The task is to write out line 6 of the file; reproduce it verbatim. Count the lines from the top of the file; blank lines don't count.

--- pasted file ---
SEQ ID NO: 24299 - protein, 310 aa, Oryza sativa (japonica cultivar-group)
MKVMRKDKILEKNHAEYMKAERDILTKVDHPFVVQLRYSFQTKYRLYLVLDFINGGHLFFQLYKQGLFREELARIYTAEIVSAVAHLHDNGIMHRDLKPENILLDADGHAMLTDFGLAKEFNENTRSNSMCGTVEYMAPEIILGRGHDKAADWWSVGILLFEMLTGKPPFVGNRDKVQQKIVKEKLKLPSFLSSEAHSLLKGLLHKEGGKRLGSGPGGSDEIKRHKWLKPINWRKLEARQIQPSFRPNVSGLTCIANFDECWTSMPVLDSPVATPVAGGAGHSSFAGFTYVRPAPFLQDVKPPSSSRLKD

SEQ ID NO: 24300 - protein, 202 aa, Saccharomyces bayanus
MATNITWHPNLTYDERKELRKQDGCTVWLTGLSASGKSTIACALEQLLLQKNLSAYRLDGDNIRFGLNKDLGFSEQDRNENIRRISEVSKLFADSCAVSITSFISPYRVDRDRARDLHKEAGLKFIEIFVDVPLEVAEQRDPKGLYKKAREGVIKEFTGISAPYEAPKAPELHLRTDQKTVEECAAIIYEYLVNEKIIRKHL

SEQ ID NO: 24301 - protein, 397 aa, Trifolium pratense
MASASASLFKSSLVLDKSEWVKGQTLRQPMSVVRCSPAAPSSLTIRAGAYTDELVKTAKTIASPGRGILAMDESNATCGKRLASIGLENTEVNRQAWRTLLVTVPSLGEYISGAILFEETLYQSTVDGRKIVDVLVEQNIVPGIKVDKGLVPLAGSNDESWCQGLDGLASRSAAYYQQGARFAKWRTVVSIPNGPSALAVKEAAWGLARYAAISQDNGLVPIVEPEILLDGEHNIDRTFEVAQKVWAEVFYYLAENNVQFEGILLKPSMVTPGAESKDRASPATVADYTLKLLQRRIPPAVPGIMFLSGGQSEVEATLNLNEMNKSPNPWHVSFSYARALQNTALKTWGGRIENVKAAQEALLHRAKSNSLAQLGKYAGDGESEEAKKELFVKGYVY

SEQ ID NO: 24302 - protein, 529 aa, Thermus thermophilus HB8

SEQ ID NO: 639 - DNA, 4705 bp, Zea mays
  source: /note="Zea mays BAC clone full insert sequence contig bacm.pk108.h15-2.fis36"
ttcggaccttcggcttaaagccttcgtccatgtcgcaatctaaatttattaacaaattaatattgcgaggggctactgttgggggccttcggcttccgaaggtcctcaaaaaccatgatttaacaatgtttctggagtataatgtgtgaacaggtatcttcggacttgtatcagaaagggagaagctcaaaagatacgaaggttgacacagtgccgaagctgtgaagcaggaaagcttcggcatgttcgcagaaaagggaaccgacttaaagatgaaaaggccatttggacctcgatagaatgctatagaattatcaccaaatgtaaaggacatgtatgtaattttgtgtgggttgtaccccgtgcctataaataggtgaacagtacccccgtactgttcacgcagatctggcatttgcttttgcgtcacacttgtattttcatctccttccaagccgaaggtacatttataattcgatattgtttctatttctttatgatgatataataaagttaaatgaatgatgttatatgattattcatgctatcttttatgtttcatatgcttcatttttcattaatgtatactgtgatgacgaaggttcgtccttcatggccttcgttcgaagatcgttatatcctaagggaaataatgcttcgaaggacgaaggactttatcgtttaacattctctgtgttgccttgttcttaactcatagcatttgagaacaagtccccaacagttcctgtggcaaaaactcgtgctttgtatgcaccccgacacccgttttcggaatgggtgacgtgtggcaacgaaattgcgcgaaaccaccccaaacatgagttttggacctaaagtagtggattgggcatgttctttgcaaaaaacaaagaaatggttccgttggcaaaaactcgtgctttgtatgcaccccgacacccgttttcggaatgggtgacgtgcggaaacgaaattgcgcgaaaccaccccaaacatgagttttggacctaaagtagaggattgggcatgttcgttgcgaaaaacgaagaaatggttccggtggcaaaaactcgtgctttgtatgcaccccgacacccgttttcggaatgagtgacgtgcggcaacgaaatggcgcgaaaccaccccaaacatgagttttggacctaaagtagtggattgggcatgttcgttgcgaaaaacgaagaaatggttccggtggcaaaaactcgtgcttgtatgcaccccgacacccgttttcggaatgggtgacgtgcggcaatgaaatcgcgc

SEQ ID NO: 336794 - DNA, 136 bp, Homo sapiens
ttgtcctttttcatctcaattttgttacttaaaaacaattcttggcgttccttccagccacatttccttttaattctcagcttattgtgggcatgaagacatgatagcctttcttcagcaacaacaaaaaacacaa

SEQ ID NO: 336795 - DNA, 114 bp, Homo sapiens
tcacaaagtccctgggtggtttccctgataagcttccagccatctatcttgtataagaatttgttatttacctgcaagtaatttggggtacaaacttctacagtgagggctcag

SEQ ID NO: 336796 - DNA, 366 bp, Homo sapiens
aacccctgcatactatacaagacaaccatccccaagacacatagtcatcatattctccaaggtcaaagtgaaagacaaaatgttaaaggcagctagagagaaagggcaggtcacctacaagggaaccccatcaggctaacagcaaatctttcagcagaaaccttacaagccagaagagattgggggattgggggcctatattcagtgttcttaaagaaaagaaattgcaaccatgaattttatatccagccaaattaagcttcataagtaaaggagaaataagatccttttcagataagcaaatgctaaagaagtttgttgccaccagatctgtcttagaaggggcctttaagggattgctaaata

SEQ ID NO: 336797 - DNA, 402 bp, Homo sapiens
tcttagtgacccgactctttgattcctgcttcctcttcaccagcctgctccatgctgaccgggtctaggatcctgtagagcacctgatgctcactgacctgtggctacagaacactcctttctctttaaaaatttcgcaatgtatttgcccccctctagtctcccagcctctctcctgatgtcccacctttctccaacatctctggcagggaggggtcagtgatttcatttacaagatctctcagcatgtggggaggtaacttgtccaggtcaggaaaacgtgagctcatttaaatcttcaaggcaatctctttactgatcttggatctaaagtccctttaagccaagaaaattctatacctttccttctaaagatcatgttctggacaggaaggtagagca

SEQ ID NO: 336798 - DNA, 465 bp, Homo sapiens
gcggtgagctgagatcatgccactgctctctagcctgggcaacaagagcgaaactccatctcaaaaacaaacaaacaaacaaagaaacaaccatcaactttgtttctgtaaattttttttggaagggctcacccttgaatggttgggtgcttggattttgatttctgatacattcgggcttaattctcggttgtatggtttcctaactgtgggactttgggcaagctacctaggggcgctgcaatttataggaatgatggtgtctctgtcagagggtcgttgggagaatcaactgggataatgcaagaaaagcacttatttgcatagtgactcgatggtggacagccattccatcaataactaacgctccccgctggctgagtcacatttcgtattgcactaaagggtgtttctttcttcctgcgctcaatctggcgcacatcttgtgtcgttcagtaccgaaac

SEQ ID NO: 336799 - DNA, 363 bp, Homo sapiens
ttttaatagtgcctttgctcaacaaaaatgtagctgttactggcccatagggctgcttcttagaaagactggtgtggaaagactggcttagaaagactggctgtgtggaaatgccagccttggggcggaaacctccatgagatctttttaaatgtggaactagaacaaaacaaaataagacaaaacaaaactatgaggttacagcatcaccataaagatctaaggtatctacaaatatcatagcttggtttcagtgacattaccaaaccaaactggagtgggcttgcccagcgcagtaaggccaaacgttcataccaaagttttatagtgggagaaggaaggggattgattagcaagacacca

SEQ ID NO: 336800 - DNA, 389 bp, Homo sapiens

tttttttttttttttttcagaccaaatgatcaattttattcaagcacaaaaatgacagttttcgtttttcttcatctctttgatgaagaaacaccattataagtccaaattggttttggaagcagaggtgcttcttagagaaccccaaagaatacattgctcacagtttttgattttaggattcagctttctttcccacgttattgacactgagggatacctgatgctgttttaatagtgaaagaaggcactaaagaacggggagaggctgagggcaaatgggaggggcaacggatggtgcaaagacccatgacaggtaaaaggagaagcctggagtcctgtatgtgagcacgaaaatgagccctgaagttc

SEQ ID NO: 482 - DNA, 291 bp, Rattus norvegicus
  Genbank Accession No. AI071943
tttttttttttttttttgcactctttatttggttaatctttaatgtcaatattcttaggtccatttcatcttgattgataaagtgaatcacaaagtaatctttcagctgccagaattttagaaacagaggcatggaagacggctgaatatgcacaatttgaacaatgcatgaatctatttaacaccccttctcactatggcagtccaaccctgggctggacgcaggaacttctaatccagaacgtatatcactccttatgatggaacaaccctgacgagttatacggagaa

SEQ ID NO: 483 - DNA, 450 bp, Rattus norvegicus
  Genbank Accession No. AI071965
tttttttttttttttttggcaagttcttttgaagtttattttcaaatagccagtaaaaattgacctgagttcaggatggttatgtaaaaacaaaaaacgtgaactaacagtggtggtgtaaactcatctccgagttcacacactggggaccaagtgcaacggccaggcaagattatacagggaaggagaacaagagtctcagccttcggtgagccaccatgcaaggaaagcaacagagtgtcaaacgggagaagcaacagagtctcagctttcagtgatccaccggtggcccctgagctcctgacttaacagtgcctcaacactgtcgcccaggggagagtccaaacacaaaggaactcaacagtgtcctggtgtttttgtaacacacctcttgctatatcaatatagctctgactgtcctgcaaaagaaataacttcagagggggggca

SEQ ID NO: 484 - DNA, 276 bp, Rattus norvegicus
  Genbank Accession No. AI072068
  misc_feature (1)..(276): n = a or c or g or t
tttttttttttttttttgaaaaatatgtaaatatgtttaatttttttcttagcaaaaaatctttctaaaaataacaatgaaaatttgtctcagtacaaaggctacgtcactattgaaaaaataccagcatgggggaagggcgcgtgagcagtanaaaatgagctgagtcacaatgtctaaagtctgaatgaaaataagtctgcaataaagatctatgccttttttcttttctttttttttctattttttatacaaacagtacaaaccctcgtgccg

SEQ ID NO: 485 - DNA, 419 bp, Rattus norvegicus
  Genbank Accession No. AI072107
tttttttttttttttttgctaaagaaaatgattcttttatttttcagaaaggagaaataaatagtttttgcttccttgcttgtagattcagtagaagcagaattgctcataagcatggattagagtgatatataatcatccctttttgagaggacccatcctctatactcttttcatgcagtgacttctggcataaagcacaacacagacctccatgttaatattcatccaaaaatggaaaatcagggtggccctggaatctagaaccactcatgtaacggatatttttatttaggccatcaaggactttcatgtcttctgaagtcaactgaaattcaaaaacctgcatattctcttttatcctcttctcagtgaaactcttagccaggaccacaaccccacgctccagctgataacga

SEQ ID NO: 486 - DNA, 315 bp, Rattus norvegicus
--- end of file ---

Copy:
MASASASLFKSSLVLDKSEWVKGQTLRQPMSVVRCSPAAPSSLTIRAGAYTDELVKTAKTIASPGRGILAMDESNATCGKRLASIGLENTEVNRQAWRTLLVTVPSLGEYISGAILFEETLYQSTVDGRKIVDVLVEQNIVPGIKVDKGLVPLAGSNDESWCQGLDGLASRSAAYYQQGARFAKWRTVVSIPNGPSALAVKEAAWGLARYAAISQDNGLVPIVEPEILLDGEHNIDRTFEVAQKVWAEVFYYLAENNVQFEGILLKPSMVTPGAESKDRASPATVADYTLKLLQRRIPPAVPGIMFLSGGQSEVEATLNLNEMNKSPNPWHVSFSYARALQNTALKTWGGRIENVKAAQEALLHRAKSNSLAQLGKYAGDGESEEAKKELFVKGYVY